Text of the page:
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Title: Inference of tumor evolution during chemotherapy by computational modeling and in situ analysis of genetic and phenotypic cellular diversity

Cancer therapy exerts a strong selection pressure that shapes tumor evolution, yet our knowledge of how tumors change during treatment is limited. Here, we report the analysis of cellular heterogeneity for genetic and phenotypic features and their spatial distribution in breast tumors pre- and post-neoadjuvant chemotherapy. We found that intratumor genetic diversity was tumor-subtype specific, and it did not change during treatment in tumors with partial or no response. However, lower pretreatment genetic diversity was significantly associated with pathologic complete response. In contrast, phenotypic diversity was different between pre- and post-treatment samples. We also observed significant changes in the spatial distribution of cells with distinct genetic and phenotypic features. We used these experimental data to develop a stochastic computational model to infer tumor growth patterns and evolutionary dynamics. Our results highlight the importance of integrated analysis of genotypes and phenotypes of single cells in intact tissues to predict tumor evolution.
Authors:
 [1] ;  [2] ;  [3] ;  [4] ;  [5] ;  [6] ;  [6] ;  [6] ;  [7] ;  [8] ;  [9] ;  [9] ;  [5] ;  [10] ;  [11] ;  [12] ;  [13] ;  [6] ;  [14] ;  [2] more »;  [15] « less
  1. Dana-Farber Cancer Institute, Boston, MA (United States); Brigham and Women's Hospital, Boston, MA (United States); Harvard Medical School, Boston, MA (United States); Institut d'Investigacions Biomediques, Barcelona (Spain)
  2. Dana-Farber Cancer Institute, Boston, MA (United States); Harvard School of Public Health, Boston, MA (United States)
  3. Dana-Farber Cancer Institute, Boston, MA (United States); Harvard School of Public Health, Boston, MA (United States); Lawrence Livermore National Lab. (LLNL), Livermore, CA (United States)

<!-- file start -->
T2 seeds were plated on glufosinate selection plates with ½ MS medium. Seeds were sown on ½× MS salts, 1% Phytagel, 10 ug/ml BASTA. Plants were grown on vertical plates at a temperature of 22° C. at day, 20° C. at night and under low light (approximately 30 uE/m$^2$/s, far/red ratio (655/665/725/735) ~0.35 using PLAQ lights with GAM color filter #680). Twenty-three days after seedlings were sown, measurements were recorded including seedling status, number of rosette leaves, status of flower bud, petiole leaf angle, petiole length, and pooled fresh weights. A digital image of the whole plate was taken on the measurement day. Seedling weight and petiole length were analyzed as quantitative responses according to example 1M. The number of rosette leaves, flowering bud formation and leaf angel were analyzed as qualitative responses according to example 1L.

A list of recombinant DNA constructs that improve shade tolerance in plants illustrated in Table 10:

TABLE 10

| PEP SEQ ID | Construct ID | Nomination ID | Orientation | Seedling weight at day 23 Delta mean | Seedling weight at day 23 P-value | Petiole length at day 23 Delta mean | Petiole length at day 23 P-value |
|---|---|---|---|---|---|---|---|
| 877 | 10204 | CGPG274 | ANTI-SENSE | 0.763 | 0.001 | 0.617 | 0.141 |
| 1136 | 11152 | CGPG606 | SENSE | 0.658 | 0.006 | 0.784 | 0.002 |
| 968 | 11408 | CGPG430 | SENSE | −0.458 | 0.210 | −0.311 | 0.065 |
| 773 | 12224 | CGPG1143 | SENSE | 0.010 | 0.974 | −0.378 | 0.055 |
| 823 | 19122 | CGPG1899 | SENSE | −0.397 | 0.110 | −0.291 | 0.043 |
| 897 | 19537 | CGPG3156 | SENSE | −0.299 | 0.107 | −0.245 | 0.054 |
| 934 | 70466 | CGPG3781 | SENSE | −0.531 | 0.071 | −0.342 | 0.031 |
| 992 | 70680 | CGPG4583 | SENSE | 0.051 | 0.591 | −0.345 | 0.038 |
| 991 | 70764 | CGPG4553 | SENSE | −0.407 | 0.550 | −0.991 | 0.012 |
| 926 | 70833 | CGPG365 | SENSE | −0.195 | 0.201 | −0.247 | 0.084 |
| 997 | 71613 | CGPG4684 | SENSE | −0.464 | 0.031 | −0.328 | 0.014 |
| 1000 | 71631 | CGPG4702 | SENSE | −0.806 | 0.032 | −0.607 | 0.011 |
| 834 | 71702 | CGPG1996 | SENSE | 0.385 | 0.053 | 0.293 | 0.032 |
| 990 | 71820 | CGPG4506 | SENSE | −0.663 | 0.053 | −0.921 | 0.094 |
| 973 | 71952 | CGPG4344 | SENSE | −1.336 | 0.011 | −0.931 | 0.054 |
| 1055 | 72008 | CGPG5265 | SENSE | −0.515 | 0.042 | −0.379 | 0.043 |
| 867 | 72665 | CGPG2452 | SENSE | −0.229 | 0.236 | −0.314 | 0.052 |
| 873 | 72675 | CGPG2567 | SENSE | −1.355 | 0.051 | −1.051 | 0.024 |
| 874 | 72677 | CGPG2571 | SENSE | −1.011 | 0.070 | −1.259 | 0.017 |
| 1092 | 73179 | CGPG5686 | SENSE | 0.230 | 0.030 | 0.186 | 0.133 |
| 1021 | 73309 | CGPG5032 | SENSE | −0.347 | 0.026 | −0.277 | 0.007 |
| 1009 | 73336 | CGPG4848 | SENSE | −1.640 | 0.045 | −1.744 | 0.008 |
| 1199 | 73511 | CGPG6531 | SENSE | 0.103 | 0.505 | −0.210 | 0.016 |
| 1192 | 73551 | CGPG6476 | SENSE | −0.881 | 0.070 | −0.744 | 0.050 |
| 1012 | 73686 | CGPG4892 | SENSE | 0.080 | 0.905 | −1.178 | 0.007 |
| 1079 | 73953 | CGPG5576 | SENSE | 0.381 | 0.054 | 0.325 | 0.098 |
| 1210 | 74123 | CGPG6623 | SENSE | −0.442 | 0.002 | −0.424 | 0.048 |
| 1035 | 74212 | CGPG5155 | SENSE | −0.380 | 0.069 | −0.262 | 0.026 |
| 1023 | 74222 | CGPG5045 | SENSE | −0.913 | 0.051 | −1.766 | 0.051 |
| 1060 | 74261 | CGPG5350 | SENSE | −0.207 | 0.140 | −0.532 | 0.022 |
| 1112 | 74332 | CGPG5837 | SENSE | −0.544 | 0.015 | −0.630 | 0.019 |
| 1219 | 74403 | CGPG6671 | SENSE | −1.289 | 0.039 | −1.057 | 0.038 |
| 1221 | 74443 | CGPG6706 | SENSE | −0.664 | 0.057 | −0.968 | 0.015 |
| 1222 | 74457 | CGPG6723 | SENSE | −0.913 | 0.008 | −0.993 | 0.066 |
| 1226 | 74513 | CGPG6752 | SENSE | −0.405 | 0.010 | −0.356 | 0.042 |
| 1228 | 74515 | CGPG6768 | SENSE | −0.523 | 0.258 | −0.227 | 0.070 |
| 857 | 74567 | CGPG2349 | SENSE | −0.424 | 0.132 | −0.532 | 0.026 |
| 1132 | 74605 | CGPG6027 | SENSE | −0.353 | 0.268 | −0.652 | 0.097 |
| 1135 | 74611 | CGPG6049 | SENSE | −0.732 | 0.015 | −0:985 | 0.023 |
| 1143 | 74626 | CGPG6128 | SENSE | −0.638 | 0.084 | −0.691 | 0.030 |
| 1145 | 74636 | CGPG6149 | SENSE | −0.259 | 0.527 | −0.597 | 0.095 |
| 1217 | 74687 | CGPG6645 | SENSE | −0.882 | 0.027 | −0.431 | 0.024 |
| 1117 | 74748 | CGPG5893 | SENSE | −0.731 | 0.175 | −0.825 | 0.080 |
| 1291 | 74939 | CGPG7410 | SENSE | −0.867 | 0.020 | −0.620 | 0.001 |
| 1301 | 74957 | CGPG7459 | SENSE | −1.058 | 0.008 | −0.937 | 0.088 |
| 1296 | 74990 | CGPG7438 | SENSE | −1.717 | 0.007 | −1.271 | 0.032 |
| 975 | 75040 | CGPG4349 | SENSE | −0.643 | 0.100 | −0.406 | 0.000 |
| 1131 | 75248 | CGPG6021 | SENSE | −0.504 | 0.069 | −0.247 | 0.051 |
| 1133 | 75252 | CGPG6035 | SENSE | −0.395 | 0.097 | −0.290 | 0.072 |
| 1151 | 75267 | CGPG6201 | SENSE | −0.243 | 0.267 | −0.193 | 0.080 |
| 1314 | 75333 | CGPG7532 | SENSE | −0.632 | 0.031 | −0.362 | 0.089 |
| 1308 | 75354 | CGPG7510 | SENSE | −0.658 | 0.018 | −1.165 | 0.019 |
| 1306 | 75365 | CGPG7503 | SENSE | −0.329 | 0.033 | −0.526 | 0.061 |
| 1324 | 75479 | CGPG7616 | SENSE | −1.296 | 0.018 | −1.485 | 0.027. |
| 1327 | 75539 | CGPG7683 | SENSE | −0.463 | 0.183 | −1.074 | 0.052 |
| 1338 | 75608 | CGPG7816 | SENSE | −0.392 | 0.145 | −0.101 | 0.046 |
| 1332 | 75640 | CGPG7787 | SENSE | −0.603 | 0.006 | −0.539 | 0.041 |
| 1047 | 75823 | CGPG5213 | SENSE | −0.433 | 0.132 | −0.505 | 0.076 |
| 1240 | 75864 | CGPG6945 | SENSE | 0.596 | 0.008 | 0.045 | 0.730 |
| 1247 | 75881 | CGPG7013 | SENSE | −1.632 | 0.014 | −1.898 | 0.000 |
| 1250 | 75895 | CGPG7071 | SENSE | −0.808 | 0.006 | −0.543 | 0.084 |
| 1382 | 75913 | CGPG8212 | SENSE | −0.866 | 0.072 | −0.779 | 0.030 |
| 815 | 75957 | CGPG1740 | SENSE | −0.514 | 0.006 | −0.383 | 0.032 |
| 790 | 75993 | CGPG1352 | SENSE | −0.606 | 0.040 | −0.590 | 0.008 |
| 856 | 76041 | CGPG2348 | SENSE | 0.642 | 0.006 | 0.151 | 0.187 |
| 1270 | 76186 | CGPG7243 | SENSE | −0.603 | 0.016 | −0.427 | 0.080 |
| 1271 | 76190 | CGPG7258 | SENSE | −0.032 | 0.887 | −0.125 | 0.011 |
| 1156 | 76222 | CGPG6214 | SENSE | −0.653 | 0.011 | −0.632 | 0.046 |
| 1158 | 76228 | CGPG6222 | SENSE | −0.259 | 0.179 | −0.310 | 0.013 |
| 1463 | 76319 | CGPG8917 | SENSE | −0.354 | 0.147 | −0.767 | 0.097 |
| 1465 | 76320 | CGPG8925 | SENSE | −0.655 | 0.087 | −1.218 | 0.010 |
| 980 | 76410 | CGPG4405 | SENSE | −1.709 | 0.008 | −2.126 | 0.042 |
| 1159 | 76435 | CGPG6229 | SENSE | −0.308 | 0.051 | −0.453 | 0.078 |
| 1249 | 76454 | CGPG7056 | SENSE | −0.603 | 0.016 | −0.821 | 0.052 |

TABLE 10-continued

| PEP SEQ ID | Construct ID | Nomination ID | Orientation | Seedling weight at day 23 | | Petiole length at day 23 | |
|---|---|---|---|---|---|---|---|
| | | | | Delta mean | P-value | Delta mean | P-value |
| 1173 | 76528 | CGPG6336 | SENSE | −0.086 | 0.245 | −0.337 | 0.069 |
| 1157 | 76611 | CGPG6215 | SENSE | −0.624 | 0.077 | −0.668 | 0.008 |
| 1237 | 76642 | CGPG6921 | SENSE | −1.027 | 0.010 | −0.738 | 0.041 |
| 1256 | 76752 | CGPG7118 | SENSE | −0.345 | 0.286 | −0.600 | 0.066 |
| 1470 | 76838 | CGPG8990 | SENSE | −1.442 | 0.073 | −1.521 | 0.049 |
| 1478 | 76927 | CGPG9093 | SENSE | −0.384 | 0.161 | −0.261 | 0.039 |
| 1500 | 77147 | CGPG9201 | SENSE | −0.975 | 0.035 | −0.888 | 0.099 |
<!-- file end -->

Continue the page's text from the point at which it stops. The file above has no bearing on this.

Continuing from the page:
4. MIT (Massachusetts Inst. of Technology), Cambridge, MA (United States); Weizmann Institute of Science, Rehovot (Israel)
  5. Dana-Farber Cancer Institute, Boston, MA (United States); Brigham and Women's Hospital, Boston, MA (United States); Harvard Medical School, Boston, MA (United States)
  6. Institut d'Investigacions Biomediques, Barcelona (Spain)
  7. Oslo Univ. Hospital Radiumhospitalet, Oslo (Norway); Univ. of Oslo, Oslo (Norway); Oslo Univ. Hospital, Oslo (Norway)
  8. Oslo Univ. Hospital Radiumhospitalet, Oslo (Norway); Oslo Univ. Hospital, Oslo (Norway); Univ. of Oslo, Oslo (Norway)
  9. Oslo Univ. Hospital Radiumhospitalet, Oslo (Norway); Univ. of Oslo, Oslo (Norway)
  10. MIT (Massachusetts Inst. of Technology), Cambridge, MA (United States); Royal Netherlands Academy of Arts and Sciences and Univ. Medical Center Utrecht, Utrecht (The Netherlands)
  11. The Royal Marsden Hospital, London (United Kingdom)
  12. The Royal Marsden Hospital, London (United Kingdom); Seattle Cancer Care Alliance, Seattle, WA (United States)
  13. The Royal Marsden Hospital, London (United Kingdom); Memorial Sloan-Kettering Cancer Center, New York, NY (United States)
  14. Memorial Sloan-Kettering Cancer Center, New York, NY (United States)
  15. Dana-Farber Cancer Institute, Boston, MA (United States); Brigham and Women's Hospital, Boston, MA (United States); Harvard Medical School, Boston, MA (United States); Harvard Stem Cell Institute, Cambridge, MA (United States); Broad Institute, Cambridge, MA (United States)
Publication Date:
OSTI Identifier:
1201672
Type:
Accepted Manuscript
Journal Name:
Cell Reports
Additional Journal Information:
Journal Volume: 6; Journal Issue: 3; Journal ID: ISSN 2211-1247
Publisher:
Elsevier
Research Org:
Lawrence Livermore National Laboratory (LLNL), Livermore, CA (United States)
Sponsoring Org:
USDOE
Country of Publication:
United States
Language:
English
Subject:
62 RADIOLOGY AND NUCLEAR MEDICINE